Monday, May 26, 2014

The Authority of Scripture

The image to the left comes, not surprisingly, from a Baptist Church. It's the claim made underneath the sign that I find interesting - "A Bible-Believing Church." 

That's a loaded statement. And while I cannot know for sure the heart of the congregation that makes such a claim it feels a bit like a gauntlet: that they are what they claim to be in contrast, let's say, to the congregation across the street that has a statue of the Virgin Mary or the one around the corner that has a sign that says, "The Episcopal Church Welcomes You.' 

Whatever the claim means to suggest, I think it is very unlikely that one would find such a claim made outside of an Episcopal Church. Yet we are, in fact, also a "Bible-Believing Church" even if the interpretation of these ancient texts is contested. 

My favorite collect in The Book of Common Prayer is this one, appointed for use on the Sunday closest to November 16: 
Blessed Lord, who caused all holy Scriptures to be written for our learning: Grant us so to hear them, read, mark, learn, and inwardly digest them, that we may embrace and ever hold fast the blessed hope of everlasting life, which you have given us in our Savior Jesus Christ; who lives and reigns with you and the Holy Spirit, one God, for ever and ever. Amen.
It is a more nuanced, but no less powerful claim about the authority of Scripture. Theologically, the catechism draws these conclusions from this way of living with and ingesting Scripture:
Q. Why do we call the Holy Scriptures the Word of God?  
A. We call them the Word of God because God inspired their human authors and because God still speaks to us through the Bible?
Q. How do we understand the meaning of the Bible? 
A. We understand the meaning of the Bible by the help of the Holy Spirit, who guides the Church in the true interpretation of the Scriptures.
The Lectionary is a three-year plan, used by Roman Catholics and most mainline Protestants, for reading the Bible. Each year (A, B, C) features one of the three synoptic gospels with John's Gospel mixed in along the way, mostly in the year when Mark is read (since Mark is shorter than the other two synoptics.) It's a good plan that covers a lot of ground and as a preacher I tried to draw on the whole lectionary which if used to its fullest is a twelve-year plan for preachers since once can choose from the Old Testatment reading, Psalm, Epistle, or Gospel each week. (In point of fact most Episcopal preachers function like Marcionites, an ancient heresy that ignores the Old Testament but I'll save that for another post.)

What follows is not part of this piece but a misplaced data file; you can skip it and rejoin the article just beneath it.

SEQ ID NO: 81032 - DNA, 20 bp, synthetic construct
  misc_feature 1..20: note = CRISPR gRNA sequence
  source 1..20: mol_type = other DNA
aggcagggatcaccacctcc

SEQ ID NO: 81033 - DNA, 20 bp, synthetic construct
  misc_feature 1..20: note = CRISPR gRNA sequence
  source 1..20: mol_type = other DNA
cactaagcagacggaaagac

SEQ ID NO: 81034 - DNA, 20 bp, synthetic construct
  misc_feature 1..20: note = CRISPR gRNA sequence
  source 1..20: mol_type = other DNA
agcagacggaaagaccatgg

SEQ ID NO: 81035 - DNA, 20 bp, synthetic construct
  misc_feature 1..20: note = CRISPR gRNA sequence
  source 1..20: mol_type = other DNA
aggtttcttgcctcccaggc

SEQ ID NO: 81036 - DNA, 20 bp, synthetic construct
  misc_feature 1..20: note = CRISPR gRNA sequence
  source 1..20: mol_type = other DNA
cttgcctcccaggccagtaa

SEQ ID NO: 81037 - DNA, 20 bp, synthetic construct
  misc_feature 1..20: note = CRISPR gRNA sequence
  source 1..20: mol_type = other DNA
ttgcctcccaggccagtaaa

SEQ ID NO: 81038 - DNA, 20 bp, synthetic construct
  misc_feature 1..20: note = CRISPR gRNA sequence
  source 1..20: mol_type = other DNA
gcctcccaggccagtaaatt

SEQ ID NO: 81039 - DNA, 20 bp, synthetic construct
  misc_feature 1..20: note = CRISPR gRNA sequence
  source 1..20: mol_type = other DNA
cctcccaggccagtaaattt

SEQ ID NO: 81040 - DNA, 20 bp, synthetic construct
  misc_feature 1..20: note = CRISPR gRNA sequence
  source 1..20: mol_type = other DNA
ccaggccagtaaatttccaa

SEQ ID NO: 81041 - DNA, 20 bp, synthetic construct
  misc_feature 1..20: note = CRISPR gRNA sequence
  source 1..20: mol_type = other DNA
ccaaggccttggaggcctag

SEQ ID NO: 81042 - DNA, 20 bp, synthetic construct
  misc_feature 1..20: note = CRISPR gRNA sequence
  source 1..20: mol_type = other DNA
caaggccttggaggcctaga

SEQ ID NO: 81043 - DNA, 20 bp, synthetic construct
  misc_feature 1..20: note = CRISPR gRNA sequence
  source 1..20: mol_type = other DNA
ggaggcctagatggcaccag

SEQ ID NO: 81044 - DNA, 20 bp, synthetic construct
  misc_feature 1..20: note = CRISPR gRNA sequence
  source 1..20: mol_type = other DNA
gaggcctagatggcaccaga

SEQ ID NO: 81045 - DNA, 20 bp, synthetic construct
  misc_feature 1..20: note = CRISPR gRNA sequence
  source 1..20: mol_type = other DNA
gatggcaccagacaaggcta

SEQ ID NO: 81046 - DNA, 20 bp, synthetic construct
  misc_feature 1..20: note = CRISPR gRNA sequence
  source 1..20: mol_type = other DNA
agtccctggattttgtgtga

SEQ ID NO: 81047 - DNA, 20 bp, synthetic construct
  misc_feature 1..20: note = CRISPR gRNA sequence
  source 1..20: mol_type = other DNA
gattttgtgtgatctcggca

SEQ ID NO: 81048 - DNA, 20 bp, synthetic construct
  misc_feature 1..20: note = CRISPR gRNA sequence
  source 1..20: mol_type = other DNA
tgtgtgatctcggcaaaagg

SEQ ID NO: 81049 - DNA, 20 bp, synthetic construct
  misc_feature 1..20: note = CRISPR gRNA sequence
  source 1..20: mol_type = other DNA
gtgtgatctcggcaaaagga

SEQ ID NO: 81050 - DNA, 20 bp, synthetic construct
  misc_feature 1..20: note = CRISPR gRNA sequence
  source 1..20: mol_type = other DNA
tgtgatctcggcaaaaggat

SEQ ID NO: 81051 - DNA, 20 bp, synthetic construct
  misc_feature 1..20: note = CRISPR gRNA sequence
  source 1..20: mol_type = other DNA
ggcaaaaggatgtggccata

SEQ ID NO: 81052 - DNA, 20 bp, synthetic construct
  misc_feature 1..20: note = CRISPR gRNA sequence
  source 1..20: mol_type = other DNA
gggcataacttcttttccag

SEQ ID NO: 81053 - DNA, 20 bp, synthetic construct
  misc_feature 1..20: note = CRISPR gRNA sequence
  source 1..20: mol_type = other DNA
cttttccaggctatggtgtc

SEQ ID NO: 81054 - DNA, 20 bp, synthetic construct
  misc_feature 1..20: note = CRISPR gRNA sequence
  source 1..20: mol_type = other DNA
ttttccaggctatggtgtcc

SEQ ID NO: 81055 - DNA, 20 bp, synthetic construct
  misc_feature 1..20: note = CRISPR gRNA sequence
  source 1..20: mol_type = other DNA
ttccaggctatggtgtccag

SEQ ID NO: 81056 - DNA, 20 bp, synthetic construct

Right now, the Church is in the midst of Year A, which continues through the last Sunday of Pentecost - which this year falls on November 23. The following week, Advent I, marks the beginning of Year B, when our attention will turn to Mark's Gospel.

It should be noted, however, that the lectionary doesn't in fact cover all of the Gospels - not to mention all of the Old Testament or Pauline Epistles. Preachers (and parishioners) need to keep reading the Bible, not Scripture inserts. That is why I have invited readers of this blog to join me on a journey with Matthew's Gospel.

One more word about what I see a gift about using a lectionary. I sometimes hear those from a more "free church" tradition claim that they don't want to be bound by the lectionary. And as stated, I do see it's limitations, especially when the texts other than the gospel reading are ignored. Nevertheless, the lectionary does two things at least: (1) it invites preachers to deal with texts they'd rather ignore and (2) it creates an ecumenical community of learners to read, mark, learn, and inwardly digest. For years while I was a parish priest I was part of a lectionary group which not only studied together but prayed together and supported each other in the hard work of ordained ministry. And recently I joined a Lutheran group which was studying Matthew together. In a future post I want to share some of what I learned from that day.

But for now I want to put in another plug to invite you to consider reading Matthew in fifty days, starting on June 1. Reading it as a whole will help those who do worship in lectionary congregations to get the flow of the whole, so that in these summer months and into November the gospel readings will be situated (rightly) within this larger narrative context. That's a good thing!

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